Although the art style is similar, Druidstone takes place in a different fantasy universe than Grimrock, including a different tone. The writing in the Grimrock games was mostly limited to scribbled notes, but Druidstone features numerous cutscenes between my small party of heroes, the druids we work for, and the red priests we fight against.
Dialogue is quick, snappy, and delightfully funny, particularly from the motor-mouthed pint-sized mage, Oiko. "Whereas Gimrock is dark and gloomy, Druidstone is more light-hearted, with some really fantastic creatures like the Shido," says Häkkinen. "I like to think that both worlds are connected in an overarching meta-universe. Both games have themes of other worlds and links between them."
While Grimrock was clearly inspired by classic grid-based dungeon crawlers, Druidstone owes much of its tactical gameplay to tabletop RPGs and board games, such as Dungeons & Dragons and HeroQuest. "We are avid board game players and Druidstone is certainly inspired by many of them," says Häkkinen. "We really like the compactness of board games, the small numbers, and the emergent complexity that arises from the seemingly simple rules."
As a big fan of Gloomhaven, a popular tactical RPG board game, I was delighted to see some major similarities in Druidstone. Each of my three party members have basic attacks and special abilities and spells they can perform a limited number of times each battle, not unlike the per-rest abilities in D&D or loss cards in Gloomhaven. The warden’s whirlwind strike hits all adjacent enemies, but figuring out when to expel its only use is often an agonizing decision.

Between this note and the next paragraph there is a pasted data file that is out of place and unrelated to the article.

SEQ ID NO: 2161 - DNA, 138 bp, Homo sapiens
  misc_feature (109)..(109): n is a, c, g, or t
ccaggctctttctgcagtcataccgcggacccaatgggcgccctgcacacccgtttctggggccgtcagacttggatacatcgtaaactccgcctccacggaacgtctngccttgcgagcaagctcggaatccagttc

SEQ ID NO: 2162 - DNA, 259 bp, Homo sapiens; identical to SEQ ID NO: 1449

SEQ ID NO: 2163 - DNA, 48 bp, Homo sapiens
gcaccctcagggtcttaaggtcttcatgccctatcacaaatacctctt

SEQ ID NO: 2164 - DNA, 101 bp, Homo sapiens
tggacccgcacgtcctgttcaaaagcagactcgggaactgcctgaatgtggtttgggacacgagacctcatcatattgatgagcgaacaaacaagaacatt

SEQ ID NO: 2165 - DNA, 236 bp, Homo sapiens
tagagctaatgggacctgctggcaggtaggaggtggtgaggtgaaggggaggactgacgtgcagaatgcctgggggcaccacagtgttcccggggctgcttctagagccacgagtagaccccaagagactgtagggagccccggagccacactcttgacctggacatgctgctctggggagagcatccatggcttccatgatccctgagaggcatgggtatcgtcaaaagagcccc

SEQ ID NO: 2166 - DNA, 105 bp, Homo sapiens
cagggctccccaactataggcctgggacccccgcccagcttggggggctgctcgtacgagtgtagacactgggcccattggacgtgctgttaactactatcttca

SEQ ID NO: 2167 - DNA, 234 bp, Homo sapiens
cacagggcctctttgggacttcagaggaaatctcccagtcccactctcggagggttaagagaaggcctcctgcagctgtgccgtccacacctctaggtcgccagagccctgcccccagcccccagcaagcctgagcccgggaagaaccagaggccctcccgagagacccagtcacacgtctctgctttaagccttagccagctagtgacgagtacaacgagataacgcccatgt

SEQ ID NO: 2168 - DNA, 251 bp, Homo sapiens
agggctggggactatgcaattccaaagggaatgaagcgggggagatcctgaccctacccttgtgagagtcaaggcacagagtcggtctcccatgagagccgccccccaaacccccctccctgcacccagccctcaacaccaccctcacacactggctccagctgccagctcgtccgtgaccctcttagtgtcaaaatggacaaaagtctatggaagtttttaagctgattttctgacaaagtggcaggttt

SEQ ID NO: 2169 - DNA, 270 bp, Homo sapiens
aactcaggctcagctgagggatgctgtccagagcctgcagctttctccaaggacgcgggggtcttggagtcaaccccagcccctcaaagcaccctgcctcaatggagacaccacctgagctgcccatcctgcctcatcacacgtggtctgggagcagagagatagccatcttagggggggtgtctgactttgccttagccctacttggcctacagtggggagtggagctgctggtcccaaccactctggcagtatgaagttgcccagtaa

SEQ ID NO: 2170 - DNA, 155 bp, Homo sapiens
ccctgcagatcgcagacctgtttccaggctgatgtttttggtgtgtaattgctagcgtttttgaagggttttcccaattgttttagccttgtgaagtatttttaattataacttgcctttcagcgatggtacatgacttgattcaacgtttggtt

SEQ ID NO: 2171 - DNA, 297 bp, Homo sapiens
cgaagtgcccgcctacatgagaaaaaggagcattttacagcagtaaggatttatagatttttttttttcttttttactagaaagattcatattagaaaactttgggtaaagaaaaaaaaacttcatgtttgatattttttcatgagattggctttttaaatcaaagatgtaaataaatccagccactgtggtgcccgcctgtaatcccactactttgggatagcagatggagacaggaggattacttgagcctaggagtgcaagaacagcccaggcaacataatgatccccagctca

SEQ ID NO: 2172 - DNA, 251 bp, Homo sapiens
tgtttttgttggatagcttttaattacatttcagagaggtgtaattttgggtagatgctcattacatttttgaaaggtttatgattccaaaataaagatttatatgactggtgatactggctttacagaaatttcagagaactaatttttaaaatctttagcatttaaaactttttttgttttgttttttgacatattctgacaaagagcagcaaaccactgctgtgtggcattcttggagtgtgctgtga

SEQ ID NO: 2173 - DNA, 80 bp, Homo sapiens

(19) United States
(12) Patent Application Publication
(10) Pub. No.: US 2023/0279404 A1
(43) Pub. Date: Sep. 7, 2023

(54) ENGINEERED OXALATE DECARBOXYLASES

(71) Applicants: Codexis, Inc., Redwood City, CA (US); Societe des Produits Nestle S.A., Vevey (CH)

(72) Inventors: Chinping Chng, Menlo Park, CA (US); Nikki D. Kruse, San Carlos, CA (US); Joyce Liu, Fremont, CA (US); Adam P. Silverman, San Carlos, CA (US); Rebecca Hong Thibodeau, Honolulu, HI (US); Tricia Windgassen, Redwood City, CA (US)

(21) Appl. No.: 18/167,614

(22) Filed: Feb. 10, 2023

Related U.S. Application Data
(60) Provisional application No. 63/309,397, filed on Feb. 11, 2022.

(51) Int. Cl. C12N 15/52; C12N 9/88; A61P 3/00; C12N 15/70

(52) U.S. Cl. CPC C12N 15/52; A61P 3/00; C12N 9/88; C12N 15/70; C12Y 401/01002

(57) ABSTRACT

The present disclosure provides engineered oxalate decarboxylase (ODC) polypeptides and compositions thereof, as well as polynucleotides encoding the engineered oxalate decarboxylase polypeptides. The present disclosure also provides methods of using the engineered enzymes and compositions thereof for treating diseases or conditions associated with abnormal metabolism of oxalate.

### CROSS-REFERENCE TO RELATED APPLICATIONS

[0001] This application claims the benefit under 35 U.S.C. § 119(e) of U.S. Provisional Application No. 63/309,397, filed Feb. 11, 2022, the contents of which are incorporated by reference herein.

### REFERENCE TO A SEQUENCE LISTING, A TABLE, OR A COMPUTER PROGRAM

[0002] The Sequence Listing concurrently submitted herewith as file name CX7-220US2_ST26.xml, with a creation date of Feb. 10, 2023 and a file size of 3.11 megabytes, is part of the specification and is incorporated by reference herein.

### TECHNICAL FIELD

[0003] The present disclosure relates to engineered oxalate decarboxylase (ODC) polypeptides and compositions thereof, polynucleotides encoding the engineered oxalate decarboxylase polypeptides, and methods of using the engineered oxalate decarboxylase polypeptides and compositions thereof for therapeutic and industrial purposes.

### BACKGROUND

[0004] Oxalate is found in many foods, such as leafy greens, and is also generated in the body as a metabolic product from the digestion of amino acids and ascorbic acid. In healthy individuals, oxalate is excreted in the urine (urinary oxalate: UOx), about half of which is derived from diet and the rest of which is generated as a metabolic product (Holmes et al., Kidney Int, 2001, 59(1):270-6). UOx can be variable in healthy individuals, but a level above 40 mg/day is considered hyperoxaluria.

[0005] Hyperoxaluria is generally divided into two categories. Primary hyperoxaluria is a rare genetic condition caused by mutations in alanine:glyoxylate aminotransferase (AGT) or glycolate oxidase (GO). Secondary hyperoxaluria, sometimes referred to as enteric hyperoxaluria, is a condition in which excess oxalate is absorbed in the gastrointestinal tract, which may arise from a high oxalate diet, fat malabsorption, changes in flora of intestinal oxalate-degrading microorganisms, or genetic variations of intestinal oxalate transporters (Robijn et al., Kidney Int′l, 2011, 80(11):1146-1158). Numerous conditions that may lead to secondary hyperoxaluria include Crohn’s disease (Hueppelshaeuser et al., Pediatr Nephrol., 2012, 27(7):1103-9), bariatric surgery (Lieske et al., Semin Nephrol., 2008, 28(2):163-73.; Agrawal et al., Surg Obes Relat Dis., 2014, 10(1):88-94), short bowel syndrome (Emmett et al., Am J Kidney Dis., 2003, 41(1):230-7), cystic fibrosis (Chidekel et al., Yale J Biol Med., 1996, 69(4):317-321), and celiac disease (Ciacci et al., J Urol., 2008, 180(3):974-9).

"I heard about Gloomhaven only a few months ago and immediately knew I had to get it," says Häkkinen. "It’s interesting to see how completely separate design processes have ended up with a result that in some ways resemble each other very much. I was reading [Gloomhaven designer] Isaac Childres’ blog the other day and he mentioned Grimrock as one of his inspirations. Now the circle is complete!"
As my Druidstone party levels up they gain new abilities, and I can use gems earned from completing objectives to enhance those abilities. Gems can boost damage, add status effects, or increase the number of uses per battle. This intuitive and swappable upgrade system works similarly to Into the Breach, which is exactly by design.
"Into the Breach is a true masterpiece, and one of the more recent games I’ve enjoyed," says Häkkinen. "The undo last move feature in Druidstone is directly inspired by Into the Breach." Furthermore the scout hero Aava has the ability to rewind time, letting me fix some of my poorer decisions—let's call them experiments. It's a welcoming feature in a game that doesn’t allow you to save scum your way through a fight.
While I’m a little disappointed that I’m not playing The Legend of Grimrock 3, I’m satisfied that the minds behind one of my favorite indie series are good at more than just first-person dungeon crawling. Druidstone is a triumph of great game design, pulling in the best elements of many tactical board and video games, along with the developers’ signature levels of art, writing, and polish, and a post-launch level editor should help extend its life even further. Says Häkkinen: "We hope people enjoy Druidstone and we can keep doing what we love."